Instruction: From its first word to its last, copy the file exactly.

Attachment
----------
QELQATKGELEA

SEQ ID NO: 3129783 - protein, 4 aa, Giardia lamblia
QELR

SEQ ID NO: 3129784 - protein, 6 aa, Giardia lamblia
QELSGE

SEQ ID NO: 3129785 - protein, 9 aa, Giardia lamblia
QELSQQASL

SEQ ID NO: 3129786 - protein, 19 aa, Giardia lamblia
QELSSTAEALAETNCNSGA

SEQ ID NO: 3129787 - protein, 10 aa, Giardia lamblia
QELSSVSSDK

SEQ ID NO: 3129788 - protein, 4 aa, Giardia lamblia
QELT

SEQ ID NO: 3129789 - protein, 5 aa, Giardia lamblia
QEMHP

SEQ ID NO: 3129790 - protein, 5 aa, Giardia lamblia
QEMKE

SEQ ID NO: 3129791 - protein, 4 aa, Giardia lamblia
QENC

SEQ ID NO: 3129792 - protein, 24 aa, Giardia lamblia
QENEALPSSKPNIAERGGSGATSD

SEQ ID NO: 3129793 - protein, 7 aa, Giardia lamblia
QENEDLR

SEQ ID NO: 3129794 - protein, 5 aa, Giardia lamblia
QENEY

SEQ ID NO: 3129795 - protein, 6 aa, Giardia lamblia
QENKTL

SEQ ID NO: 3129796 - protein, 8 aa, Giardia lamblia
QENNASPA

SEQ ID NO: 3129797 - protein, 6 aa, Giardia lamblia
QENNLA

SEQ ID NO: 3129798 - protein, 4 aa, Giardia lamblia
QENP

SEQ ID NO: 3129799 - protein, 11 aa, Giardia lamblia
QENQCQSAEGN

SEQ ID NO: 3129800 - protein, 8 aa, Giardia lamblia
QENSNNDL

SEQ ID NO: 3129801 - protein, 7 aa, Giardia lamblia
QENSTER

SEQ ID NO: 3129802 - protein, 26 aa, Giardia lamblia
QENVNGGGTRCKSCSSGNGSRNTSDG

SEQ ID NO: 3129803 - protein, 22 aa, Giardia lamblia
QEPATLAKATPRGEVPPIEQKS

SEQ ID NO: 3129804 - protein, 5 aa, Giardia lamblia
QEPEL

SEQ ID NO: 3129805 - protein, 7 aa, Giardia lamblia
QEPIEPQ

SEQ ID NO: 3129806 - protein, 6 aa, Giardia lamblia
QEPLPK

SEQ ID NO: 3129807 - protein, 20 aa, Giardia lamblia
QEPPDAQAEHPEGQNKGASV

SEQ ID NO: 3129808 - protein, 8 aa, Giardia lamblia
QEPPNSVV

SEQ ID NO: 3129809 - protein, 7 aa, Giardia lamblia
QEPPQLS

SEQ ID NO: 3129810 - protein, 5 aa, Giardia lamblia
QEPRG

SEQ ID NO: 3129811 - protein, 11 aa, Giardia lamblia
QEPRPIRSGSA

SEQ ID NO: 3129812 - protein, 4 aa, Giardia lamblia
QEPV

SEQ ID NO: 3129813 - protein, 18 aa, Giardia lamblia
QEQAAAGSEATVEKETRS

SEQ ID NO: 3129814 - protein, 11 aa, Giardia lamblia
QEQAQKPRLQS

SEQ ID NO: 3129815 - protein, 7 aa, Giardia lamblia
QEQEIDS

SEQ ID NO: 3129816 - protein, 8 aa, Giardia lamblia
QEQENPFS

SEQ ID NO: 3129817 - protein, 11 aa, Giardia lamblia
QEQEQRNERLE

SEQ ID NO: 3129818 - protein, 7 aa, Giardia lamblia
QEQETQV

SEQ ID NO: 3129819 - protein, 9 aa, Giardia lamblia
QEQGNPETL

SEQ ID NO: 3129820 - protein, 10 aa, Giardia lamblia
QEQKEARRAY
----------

QELQATKGELEA

SEQ ID NO: 3129783 - protein, 4 aa, Giardia lamblia
QELR

SEQ ID NO: 3129784 - protein, 6 aa, Giardia lamblia
QELSGE

SEQ ID NO: 3129785 - protein, 9 aa, Giardia lamblia
QELSQQASL

SEQ ID NO: 3129786 - protein, 19 aa, Giardia lamblia
QELSSTAEALAETNCNSGA

SEQ ID NO: 3129787 - protein, 10 aa, Giardia lamblia
QELSSVSSDK

SEQ ID NO: 3129788 - protein, 4 aa, Giardia lamblia
QELT

SEQ ID NO: 3129789 - protein, 5 aa, Giardia lamblia
QEMHP

SEQ ID NO: 3129790 - protein, 5 aa, Giardia lamblia
QEMKE

SEQ ID NO: 3129791 - protein, 4 aa, Giardia lamblia
QENC

SEQ ID NO: 3129792 - protein, 24 aa, Giardia lamblia
QENEALPSSKPNIAERGGSGATSD

SEQ ID NO: 3129793 - protein, 7 aa, Giardia lamblia
QENEDLR

SEQ ID NO: 3129794 - protein, 5 aa, Giardia lamblia
QENEY

SEQ ID NO: 3129795 - protein, 6 aa, Giardia lamblia
QENKTL

SEQ ID NO: 3129796 - protein, 8 aa, Giardia lamblia
QENNASPA

SEQ ID NO: 3129797 - protein, 6 aa, Giardia lamblia
QENNLA

SEQ ID NO: 3129798 - protein, 4 aa, Giardia lamblia
QENP

SEQ ID NO: 3129799 - protein, 11 aa, Giardia lamblia
QENQCQSAEGN

SEQ ID NO: 3129800 - protein, 8 aa, Giardia lamblia
QENSNNDL

SEQ ID NO: 3129801 - protein, 7 aa, Giardia lamblia
QENSTER

SEQ ID NO: 3129802 - protein, 26 aa, Giardia lamblia
QENVNGGGTRCKSCSSGNGSRNTSDG

SEQ ID NO: 3129803 - protein, 22 aa, Giardia lamblia
QEPATLAKATPRGEVPPIEQKS

SEQ ID NO: 3129804 - protein, 5 aa, Giardia lamblia
QEPEL

SEQ ID NO: 3129805 - protein, 7 aa, Giardia lamblia
QEPIEPQ

SEQ ID NO: 3129806 - protein, 6 aa, Giardia lamblia
QEPLPK

SEQ ID NO: 3129807 - protein, 20 aa, Giardia lamblia
QEPPDAQAEHPEGQNKGASV

SEQ ID NO: 3129808 - protein, 8 aa, Giardia lamblia
QEPPNSVV

SEQ ID NO: 3129809 - protein, 7 aa, Giardia lamblia
QEPPQLS

SEQ ID NO: 3129810 - protein, 5 aa, Giardia lamblia
QEPRG

SEQ ID NO: 3129811 - protein, 11 aa, Giardia lamblia
QEPRPIRSGSA

SEQ ID NO: 3129812 - protein, 4 aa, Giardia lamblia
QEPV

SEQ ID NO: 3129813 - protein, 18 aa, Giardia lamblia
QEQAAAGSEATVEKETRS

SEQ ID NO: 3129814 - protein, 11 aa, Giardia lamblia
QEQAQKPRLQS

SEQ ID NO: 3129815 - protein, 7 aa, Giardia lamblia
QEQEIDS

SEQ ID NO: 3129816 - protein, 8 aa, Giardia lamblia
QEQENPFS

SEQ ID NO: 3129817 - protein, 11 aa, Giardia lamblia
QEQEQRNERLE

SEQ ID NO: 3129818 - protein, 7 aa, Giardia lamblia
QEQETQV

SEQ ID NO: 3129819 - protein, 9 aa, Giardia lamblia
QEQGNPETL

SEQ ID NO: 3129820 - protein, 10 aa, Giardia lamblia
QEQKEARRAY